Meet Jami Claire. Ms. Claire is a senior biological scientist at University of Florida College of Veterinary Medicine. She has worked there for 32 years. She also happens to be a motorcycle enthusiast.
Kathryn Lane is also an employee of the State of Florida. Ms. Lane is an attorney with the appellate division of the Office of the Public Defender in the Second Judicial Circuit of Florida in Tallahassee.
The State of Florida determines what its health insurance policy for employees will cover and what is excluded from coverage. The plans explicitly exclude coverage of “gender reassignment or modification services or supplies.” Just to be clear, the absence of gender-affirming care is not a gratuitous denial on the part of the insurance carriers. It is the result of a deliberate decision by the state.
In 2016, in the process of soliciting competitive bids, the State explicitly excluded gender-affirming care. Presumably that not only affects State employees but also the children of state employees. These two women require medically necessary care that is being denied — I would speculate — for other than economic reasons.
Taking it a step further, care that is not medically necessary or deemed experimental is already excluded from coverage. Therefore, the State is essentially admitting that gender-affirming care is medically necessary and is not experimental. Indeed it is recommended by virtually every medical professional organization.
Consider Ms. Claire’s case. She has been gender incongruent since the age of seven. In severe distress she transitioned in 1997. Her wife divorced her. The Mormon Church excommunicated her. Her entire family, including her children, want nothing to do with her. All because of a medical condition. Five years later, she had to cease gender affirmation because she could not afford the hormones after the huge financial toll of her divorce.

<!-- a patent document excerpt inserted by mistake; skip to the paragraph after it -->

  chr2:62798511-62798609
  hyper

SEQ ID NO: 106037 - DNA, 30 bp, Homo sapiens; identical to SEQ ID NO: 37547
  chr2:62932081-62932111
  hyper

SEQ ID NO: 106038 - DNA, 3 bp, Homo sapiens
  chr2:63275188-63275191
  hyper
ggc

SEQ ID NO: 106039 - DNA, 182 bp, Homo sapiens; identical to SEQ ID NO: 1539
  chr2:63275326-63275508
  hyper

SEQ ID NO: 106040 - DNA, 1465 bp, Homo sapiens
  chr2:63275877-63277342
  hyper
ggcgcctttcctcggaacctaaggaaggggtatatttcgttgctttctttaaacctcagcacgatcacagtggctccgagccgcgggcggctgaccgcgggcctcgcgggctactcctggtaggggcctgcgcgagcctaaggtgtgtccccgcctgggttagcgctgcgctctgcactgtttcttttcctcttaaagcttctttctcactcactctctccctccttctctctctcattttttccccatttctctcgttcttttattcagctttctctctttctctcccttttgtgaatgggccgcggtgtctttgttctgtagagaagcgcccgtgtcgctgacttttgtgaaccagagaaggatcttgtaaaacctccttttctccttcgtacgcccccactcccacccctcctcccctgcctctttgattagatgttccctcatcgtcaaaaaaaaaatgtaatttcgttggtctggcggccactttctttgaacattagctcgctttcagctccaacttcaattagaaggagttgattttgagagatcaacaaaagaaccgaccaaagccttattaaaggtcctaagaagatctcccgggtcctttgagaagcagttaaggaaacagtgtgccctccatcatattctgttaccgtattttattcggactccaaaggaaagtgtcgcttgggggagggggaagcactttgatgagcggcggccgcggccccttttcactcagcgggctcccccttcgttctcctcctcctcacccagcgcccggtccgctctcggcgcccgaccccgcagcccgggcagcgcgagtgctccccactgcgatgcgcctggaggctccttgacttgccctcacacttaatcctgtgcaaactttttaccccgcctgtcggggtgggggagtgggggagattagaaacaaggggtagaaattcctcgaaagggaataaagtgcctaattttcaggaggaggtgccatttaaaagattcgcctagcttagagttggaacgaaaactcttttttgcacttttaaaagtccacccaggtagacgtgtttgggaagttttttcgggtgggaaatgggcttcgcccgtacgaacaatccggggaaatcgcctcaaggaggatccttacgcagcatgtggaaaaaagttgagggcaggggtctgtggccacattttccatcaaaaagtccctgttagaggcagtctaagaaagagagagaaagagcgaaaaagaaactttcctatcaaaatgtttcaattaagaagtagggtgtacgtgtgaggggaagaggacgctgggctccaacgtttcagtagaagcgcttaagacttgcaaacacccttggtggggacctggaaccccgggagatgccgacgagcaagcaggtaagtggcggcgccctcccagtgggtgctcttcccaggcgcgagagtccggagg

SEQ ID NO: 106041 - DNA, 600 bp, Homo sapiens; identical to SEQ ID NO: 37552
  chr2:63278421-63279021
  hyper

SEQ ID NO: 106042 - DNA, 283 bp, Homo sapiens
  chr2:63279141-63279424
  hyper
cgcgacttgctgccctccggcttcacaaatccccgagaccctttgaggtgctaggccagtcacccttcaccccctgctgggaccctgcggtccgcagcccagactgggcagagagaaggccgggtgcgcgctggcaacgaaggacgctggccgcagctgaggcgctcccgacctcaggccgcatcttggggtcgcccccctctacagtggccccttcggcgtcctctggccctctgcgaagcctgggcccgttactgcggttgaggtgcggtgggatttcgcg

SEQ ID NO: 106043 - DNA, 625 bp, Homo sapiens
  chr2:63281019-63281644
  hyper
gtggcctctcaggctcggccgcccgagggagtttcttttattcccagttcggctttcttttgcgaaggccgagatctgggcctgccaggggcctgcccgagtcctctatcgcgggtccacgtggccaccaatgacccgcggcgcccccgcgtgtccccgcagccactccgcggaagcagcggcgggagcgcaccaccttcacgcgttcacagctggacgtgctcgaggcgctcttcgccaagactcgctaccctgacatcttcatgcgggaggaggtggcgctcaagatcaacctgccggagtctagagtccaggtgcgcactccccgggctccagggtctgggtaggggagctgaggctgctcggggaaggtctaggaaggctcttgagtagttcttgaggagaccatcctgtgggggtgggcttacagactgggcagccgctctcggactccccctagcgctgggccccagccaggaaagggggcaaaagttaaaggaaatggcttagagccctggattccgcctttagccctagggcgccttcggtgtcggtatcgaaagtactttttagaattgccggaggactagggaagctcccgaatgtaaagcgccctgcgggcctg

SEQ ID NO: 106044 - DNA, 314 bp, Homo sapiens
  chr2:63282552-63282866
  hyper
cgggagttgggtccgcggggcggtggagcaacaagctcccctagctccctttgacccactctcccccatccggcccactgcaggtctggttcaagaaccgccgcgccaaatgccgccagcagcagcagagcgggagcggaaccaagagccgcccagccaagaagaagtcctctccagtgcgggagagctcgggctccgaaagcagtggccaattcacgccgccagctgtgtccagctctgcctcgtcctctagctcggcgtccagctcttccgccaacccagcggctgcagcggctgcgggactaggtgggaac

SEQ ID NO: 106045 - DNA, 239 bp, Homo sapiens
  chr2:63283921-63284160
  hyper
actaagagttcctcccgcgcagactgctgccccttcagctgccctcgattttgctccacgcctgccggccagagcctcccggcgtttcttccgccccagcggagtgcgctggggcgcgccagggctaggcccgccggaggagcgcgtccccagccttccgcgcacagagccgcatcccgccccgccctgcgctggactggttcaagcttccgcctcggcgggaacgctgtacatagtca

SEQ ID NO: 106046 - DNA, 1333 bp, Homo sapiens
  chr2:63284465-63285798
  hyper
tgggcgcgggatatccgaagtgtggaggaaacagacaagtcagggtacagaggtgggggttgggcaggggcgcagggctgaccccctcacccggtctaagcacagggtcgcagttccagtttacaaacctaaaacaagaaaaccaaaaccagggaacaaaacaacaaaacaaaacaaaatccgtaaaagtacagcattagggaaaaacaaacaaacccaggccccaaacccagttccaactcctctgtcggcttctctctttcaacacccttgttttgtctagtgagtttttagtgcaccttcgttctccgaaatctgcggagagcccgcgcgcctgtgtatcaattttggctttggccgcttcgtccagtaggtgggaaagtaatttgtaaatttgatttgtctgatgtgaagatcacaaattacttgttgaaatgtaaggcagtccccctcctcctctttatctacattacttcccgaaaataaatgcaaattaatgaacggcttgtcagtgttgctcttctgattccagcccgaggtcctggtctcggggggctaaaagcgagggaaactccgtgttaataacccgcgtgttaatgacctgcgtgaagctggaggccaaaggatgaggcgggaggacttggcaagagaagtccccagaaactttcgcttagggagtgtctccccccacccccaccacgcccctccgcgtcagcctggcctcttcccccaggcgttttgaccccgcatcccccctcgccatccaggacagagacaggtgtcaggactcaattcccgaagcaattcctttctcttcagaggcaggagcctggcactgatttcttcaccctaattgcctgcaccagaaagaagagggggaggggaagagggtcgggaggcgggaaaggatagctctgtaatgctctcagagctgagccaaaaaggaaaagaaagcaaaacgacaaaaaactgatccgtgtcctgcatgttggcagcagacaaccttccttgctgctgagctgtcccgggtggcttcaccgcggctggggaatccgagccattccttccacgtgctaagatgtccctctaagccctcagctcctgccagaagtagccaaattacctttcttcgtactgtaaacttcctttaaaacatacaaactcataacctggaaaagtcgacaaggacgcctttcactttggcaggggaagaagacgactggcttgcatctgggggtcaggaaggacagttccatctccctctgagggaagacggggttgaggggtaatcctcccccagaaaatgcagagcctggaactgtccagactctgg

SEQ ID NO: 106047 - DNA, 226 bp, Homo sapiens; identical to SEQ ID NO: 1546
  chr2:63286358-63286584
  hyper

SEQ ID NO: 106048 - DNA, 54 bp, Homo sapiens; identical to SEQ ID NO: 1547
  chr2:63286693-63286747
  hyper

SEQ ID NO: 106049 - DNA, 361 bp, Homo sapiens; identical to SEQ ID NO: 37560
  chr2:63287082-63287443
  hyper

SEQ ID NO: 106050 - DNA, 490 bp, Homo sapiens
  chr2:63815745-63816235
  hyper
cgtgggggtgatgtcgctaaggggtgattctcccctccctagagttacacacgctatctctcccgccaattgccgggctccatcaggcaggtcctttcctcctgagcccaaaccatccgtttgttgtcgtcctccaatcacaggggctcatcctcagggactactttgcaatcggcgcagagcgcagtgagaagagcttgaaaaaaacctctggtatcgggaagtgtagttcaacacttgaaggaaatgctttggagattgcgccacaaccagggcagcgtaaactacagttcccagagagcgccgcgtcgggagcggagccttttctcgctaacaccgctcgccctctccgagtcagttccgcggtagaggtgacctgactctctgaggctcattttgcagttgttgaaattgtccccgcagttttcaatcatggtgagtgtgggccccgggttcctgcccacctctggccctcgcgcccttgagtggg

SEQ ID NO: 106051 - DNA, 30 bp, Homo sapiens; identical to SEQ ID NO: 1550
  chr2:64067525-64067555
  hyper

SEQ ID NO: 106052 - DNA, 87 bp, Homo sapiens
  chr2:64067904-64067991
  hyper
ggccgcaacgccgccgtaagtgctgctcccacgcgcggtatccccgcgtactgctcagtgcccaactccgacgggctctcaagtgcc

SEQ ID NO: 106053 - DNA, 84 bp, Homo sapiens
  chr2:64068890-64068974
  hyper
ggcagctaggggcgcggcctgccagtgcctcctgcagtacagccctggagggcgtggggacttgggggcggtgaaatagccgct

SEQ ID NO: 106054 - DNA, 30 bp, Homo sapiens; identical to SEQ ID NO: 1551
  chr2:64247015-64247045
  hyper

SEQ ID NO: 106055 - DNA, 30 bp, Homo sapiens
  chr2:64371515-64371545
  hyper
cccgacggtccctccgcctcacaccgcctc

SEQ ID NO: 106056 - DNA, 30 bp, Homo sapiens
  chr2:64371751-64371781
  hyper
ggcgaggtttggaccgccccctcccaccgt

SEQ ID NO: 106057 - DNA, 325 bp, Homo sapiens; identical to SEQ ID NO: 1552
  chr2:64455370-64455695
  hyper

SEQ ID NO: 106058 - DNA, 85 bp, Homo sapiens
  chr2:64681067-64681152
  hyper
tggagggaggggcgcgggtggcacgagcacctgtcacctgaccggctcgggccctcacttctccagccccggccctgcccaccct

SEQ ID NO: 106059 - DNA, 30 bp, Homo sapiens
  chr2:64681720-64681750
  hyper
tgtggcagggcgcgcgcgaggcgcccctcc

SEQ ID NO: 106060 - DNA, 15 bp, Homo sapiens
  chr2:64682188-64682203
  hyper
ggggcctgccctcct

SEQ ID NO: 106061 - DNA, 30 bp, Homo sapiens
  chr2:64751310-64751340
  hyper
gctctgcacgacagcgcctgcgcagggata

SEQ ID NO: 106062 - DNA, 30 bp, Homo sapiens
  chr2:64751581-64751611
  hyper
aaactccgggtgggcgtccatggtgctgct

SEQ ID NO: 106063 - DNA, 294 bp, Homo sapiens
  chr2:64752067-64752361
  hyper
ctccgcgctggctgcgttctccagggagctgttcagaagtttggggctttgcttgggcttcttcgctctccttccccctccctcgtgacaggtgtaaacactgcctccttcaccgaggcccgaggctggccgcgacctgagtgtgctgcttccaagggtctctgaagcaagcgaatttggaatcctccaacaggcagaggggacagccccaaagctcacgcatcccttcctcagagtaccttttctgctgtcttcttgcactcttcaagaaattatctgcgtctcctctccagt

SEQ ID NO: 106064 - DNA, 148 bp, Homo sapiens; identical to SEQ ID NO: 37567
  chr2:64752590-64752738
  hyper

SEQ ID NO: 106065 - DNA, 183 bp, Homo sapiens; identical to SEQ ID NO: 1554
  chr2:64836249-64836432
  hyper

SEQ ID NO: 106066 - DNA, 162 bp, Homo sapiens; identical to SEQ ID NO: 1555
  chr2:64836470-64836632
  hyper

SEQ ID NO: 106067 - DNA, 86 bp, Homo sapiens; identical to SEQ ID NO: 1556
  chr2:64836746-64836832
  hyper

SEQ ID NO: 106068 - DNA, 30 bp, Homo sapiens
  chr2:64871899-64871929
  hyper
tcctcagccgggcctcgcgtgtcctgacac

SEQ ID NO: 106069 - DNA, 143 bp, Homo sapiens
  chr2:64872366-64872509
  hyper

In 2016, with crippling anxiety and depression, Ms. Claire re-transitioned. She did not sign up for this. Moreover, as Christian conservatives relish pointing out, hormones come with risks and undesirable side effects. Surgery to remove her testicles would allow Ms. Claire to cease or significantly reduce her hormone consumption. She simply cannot afford the surgery out-of-pocket.
I am focusing on Ms. Claire’s situation because she has been a loyal and productive employee of the state for over three decades and because she is 62 years of age. She is at heightened risk for life-threatening blood clots.
The University of Florida is a $5 billion enterprise with over 40,000 employees. Inclusive gender affirming care of about 200 employees would be statistically insignificant.
According to lawyers for Ms. Clair and Ms. Lane:
affirming care in all State Plans constitutes unlawful sex discrimination in
violation of Title VII and the Equal Protection Clause.
Why does the State of Florida have to be sued to do the right thing for what is probably fewer than 1,000 employees (out of about 200,000)? How can state officials be this obtuse? The answer is politics and religion. People should not have to be sick because of religious beliefs.